Thus Fish, the elder statesman and No. 1 player on the American squad, was replaced by Ryan Harrison, who will play the first live rubber of his Davis Cup career when he squares off with the French No. 1 Tsonga to open the tie tomorrow. That will be followed by the clash between No. 13 Gilles Simon, the substitute for Monfils, and the original American No. 2, John Isner.
Just how the French end up with a last-minute "substitute" who's ranked higher than the guy he's replacing is a mystery best explained by others, although the obvious answer would be clay-court proficiency.
Simon, you may remember, survived a very tough three-setter against Harrison at Indian Wells, but went down in the next round (the quarterfinals) under relentless bombardment by Isner. That event was on hard courts and the Monte Carlo Country Club is a red-clay facility. But in the opening round of World Group play not so long ago in Switzerland (another small country, but larger and less friendly to smooth operators in aviator shades than is Monaco), Harrison triumphed on red clay in his first-ever Davis Cup match (d. Lammer in the dead rubber after the USA had swept the first three matches) and Isner knocked out Roger Federer — let me repeat, in case you thought you heard wrong: Isner knocked out Roger Federer.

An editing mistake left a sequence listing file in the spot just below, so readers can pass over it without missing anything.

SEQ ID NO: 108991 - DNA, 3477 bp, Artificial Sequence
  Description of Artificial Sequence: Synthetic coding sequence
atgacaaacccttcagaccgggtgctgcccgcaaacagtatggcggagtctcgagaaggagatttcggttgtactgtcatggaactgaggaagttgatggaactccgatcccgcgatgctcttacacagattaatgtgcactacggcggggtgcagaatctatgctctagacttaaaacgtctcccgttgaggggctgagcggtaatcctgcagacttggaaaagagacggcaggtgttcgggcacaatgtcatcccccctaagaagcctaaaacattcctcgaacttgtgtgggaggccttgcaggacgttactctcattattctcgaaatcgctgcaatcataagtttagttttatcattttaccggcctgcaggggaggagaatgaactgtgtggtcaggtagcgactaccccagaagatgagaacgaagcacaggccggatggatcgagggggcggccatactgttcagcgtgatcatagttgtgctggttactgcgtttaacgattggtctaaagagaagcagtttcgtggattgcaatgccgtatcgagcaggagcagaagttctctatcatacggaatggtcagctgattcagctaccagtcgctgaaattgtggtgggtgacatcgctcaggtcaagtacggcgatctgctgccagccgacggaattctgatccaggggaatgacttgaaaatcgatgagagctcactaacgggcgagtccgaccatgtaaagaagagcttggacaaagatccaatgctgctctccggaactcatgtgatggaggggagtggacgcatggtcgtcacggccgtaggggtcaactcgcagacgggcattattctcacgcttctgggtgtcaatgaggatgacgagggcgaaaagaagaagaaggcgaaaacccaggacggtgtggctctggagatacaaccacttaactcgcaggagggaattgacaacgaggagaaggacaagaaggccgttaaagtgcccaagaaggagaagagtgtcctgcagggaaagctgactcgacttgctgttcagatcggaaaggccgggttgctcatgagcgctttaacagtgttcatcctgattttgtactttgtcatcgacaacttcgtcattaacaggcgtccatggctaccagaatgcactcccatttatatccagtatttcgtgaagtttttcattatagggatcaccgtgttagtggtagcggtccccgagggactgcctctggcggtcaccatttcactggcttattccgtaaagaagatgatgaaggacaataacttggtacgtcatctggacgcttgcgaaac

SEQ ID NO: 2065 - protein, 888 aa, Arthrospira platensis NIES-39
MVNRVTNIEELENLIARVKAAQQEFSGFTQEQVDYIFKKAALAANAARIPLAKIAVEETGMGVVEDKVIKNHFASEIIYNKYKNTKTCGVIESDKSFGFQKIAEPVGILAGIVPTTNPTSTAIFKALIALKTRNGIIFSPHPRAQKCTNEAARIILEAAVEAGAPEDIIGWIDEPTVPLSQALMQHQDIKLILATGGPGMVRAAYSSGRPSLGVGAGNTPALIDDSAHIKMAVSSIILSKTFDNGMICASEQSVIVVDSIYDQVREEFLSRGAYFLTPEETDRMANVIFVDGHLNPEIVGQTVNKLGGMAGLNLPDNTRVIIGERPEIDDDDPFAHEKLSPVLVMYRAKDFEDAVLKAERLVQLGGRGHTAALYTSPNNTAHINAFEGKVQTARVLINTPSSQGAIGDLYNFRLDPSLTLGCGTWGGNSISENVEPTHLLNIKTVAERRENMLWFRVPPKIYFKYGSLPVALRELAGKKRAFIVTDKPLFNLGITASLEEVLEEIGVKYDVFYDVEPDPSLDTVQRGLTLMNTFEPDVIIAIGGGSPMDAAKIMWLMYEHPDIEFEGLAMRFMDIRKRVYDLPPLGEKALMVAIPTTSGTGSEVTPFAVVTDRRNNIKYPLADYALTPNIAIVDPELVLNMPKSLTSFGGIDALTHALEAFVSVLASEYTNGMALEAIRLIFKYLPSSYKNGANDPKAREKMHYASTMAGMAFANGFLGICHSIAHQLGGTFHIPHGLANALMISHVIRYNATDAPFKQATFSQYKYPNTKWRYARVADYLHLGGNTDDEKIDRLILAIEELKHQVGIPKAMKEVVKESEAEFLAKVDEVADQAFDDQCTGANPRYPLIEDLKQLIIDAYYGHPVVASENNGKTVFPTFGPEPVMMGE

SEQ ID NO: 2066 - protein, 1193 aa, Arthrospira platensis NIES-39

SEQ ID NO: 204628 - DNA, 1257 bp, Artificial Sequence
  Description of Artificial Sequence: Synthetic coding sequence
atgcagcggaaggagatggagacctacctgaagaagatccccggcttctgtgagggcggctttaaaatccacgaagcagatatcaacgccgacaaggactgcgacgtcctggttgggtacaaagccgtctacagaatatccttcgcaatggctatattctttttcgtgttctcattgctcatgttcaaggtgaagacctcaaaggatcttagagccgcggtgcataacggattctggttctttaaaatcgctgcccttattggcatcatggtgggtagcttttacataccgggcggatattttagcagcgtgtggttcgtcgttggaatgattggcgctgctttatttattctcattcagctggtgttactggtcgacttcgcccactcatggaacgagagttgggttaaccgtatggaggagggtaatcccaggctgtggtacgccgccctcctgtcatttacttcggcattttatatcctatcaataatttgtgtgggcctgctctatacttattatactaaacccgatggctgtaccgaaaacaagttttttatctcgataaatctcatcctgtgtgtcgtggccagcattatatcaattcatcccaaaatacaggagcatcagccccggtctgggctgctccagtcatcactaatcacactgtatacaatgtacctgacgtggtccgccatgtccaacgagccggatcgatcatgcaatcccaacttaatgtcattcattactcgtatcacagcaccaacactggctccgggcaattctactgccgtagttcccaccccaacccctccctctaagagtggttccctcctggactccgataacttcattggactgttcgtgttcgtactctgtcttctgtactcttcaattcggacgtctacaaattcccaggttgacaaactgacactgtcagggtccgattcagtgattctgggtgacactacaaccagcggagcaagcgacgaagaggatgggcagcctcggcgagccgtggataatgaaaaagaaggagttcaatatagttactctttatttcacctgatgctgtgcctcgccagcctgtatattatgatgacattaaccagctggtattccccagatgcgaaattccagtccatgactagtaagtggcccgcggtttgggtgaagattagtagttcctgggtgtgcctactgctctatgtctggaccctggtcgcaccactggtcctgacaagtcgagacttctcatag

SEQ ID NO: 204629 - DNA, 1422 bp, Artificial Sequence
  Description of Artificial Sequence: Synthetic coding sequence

The upshot is that this tie might turn out to be bit more lively than it may have appeared following Fish's withdrawal.
As fiesty and eager as Harrison is, Tsonga is the prohibitive favorite in the first rubber of the tie — and not just on the basis of maturity and experience. He's 9-2 in Davis Cup singles, and one of those losses was a retirement in a dead rubber, the other a defeat inflicted on Tsonga by Rafael Nadal in a Spanish bullring. But being an underdog suits Harrison's nature (It's not just that he's 19 and short on experience; he's also ranked 60 spots below Tsonga, at No. 66) , and the one aspect of his game or nature that has never been questioned is his grit.
When you consider that the pressure on Tsonga will far outweigh whatever home-court advantage he feels in Monaco, you have to leave a bit of a question mark lingering over this one. A few days ago, United States captain Jim Courier took pains to point out that Harrison's Davis Cup rookie experience was valuable, even if the result had no bearing on the outcome.
"Those moments," Courier said, "are still meaningful for him as a player and they are meaningful for us on the bench together because we have a better communication now as a result of having been through a match together and I hope it will help him when he is playing in his two matches here."